4. What do you use daily? Medication, mobility aid (e.g. a cane), phone, baby wipes (huh? Well, only if you’re traveling with a baby, and that’s a whole other blog!)

Once that’s sorted out, we’re on to the List. Use your answers about weather and activities to fine-tune it. If you’re flying, you’ll probably have a checked bag and a carry-on. Here are the basic items you should pack.

SUITCASE

suitcase

Clothes

  • Underwear
  • Socks/tights: at least one a day
  • Shoes: two pairs. No fewer, no more
    unless you must. One pair should be comfy,
    but both should be multi-purpose: not too shoddy, not too fancy
    (unless you’re going to a ball one night!)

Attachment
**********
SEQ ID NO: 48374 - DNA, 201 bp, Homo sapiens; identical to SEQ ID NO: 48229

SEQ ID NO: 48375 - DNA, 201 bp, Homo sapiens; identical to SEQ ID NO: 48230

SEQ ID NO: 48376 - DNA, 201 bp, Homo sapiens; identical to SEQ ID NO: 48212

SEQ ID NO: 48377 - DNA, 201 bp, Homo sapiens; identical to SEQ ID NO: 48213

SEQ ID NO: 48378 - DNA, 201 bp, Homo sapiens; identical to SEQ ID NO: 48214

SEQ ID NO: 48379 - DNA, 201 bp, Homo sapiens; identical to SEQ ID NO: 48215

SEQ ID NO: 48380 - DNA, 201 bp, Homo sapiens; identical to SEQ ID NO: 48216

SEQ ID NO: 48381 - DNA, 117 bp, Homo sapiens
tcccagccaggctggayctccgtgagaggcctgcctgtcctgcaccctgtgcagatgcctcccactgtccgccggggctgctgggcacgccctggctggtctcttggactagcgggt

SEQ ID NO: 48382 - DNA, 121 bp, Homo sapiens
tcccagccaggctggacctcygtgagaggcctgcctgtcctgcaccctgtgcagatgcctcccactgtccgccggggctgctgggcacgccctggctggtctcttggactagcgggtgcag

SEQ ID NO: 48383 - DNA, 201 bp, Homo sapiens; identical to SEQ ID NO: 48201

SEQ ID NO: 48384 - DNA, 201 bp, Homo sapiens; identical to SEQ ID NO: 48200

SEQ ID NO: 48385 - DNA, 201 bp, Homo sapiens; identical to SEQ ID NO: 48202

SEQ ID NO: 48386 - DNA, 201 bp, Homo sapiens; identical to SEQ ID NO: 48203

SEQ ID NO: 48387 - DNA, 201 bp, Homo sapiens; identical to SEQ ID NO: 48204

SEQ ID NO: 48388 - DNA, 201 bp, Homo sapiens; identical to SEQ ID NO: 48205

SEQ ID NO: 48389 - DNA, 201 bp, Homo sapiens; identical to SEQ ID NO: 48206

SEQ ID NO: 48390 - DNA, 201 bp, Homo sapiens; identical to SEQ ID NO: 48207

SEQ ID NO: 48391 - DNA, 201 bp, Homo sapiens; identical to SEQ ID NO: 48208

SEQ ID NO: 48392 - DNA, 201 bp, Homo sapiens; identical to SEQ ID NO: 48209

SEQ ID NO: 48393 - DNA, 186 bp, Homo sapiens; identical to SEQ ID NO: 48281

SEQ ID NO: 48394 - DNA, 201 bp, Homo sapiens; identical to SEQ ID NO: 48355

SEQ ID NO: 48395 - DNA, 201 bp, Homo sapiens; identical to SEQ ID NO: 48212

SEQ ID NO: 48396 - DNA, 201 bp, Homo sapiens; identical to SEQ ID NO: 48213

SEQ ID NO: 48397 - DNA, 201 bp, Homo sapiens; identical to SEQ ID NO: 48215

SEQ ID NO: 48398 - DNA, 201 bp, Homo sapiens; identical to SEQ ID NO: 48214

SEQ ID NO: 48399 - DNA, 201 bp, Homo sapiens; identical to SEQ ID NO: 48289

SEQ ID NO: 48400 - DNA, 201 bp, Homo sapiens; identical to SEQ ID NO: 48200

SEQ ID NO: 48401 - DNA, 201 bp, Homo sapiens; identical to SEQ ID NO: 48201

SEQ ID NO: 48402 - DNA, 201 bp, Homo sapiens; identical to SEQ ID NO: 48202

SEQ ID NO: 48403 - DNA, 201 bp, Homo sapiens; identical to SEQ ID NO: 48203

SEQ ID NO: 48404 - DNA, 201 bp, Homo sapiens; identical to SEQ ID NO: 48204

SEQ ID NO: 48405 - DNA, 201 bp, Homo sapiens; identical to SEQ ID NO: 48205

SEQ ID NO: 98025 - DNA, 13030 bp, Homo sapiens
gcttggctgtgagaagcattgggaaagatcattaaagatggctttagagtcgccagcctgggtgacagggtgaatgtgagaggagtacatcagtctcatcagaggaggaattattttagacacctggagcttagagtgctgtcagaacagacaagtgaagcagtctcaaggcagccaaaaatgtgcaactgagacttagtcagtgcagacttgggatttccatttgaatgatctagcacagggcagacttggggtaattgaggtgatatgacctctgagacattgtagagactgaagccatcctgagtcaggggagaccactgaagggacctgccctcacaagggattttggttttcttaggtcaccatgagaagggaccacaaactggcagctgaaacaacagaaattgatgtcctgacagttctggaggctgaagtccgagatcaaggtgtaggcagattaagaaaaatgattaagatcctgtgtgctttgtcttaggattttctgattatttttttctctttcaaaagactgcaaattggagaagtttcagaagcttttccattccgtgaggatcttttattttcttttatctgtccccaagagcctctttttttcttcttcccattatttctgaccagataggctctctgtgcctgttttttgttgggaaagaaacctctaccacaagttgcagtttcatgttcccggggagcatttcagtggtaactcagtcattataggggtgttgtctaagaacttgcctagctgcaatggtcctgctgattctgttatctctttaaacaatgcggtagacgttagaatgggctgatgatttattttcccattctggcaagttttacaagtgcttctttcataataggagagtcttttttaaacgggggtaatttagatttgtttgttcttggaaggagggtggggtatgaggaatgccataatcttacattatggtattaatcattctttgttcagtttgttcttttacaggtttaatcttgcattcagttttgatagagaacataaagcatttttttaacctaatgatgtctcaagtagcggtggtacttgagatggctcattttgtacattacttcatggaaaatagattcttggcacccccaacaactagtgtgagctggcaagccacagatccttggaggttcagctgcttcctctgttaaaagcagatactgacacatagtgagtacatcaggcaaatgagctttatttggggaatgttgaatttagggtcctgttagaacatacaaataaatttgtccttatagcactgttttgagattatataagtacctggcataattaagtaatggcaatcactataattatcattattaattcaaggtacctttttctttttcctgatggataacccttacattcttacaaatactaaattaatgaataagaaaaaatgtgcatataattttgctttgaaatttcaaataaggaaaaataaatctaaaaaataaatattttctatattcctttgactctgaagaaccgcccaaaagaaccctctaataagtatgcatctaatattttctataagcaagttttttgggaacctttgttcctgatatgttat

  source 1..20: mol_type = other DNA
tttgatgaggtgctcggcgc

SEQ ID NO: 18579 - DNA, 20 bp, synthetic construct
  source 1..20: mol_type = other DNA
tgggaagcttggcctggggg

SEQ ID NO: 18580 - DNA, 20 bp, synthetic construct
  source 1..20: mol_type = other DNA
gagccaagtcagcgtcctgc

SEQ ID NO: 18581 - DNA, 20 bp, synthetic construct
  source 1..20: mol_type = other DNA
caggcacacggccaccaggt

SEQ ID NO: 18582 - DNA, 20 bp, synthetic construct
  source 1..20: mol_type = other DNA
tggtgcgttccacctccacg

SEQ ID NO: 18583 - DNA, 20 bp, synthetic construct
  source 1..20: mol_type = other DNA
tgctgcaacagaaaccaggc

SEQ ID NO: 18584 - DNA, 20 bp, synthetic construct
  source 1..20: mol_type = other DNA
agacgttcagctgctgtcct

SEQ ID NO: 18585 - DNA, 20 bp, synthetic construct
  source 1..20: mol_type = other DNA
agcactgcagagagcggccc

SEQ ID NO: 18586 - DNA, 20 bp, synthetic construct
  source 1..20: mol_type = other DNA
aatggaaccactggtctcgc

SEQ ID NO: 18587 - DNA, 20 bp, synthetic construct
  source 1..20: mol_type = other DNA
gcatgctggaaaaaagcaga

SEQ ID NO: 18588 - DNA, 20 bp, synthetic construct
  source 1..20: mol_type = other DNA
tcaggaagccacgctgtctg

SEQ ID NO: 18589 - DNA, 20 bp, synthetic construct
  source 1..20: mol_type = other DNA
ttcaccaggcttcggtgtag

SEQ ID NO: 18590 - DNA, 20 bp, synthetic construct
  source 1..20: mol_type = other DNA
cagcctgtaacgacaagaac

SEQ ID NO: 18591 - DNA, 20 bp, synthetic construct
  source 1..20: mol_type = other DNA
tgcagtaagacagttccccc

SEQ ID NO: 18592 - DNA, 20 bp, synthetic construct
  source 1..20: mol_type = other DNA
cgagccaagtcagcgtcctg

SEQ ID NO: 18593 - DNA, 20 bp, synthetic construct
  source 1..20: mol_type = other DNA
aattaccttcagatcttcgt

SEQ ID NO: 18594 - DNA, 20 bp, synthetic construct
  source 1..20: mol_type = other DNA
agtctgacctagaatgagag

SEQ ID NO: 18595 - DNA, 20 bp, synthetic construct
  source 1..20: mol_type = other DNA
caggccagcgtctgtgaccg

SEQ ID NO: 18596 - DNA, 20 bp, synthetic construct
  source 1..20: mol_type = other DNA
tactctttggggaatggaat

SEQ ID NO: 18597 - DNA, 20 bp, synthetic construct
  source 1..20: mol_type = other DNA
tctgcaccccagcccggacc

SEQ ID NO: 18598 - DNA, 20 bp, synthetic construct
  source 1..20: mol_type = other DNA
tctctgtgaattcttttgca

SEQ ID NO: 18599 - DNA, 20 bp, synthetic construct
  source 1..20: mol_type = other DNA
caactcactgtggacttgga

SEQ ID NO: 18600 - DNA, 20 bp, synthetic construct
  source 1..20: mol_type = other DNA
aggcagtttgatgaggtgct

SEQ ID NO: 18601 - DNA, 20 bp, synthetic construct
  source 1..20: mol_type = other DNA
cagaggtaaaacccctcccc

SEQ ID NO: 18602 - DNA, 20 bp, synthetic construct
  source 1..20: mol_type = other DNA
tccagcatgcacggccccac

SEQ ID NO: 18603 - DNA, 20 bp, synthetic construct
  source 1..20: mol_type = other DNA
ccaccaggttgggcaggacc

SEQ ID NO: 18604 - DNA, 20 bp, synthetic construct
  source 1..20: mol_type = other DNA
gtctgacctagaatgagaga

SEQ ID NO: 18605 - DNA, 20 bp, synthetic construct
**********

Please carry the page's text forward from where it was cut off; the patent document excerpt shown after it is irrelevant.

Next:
• Tops (shirts, blouses, tees, sweaters)2-shoes
  • Bottoms (pants, skirts
  • Outerwear (jacket, coat)
  • Innerwear (exercise clothes, PJ’s)

Personal Care
toothbrushtoothpaste

  • Toothbrush & toothpaste
  • Deodorant
  • Soap, shampoo
  • Hair brush
  • Hand cream
  • Prescriptions or other medicine (Advil, decongestant, etc.)

CARRY-ON BAG

  • Check airline rules for allowable size and weight, and for items not allowed on board
  • Meds for the whole trip (it’s safer if they stay with you)pills
  • Photo ID & passport (if needed)
  • Personal care items to use in transit
    • Liquids & gels: maximum 3 oz. each
  • Any electronic devices you want with you
    • Phone, computer, earbuds, etc.
    • Don’t forget chargers!

Traveling clothes & shoes

  • Dress for comfort (pockets are good, too)
  • Sweater or jacket
  • Music, puzzles, a book (something fun to do)
  • Snacks

It’s helpful to make a single sheet with all the information you need in transit: reservation number, terminal, departure & arrival times, flight number, destination address & phone number, etc.

From the List – to a box – to the Suitcase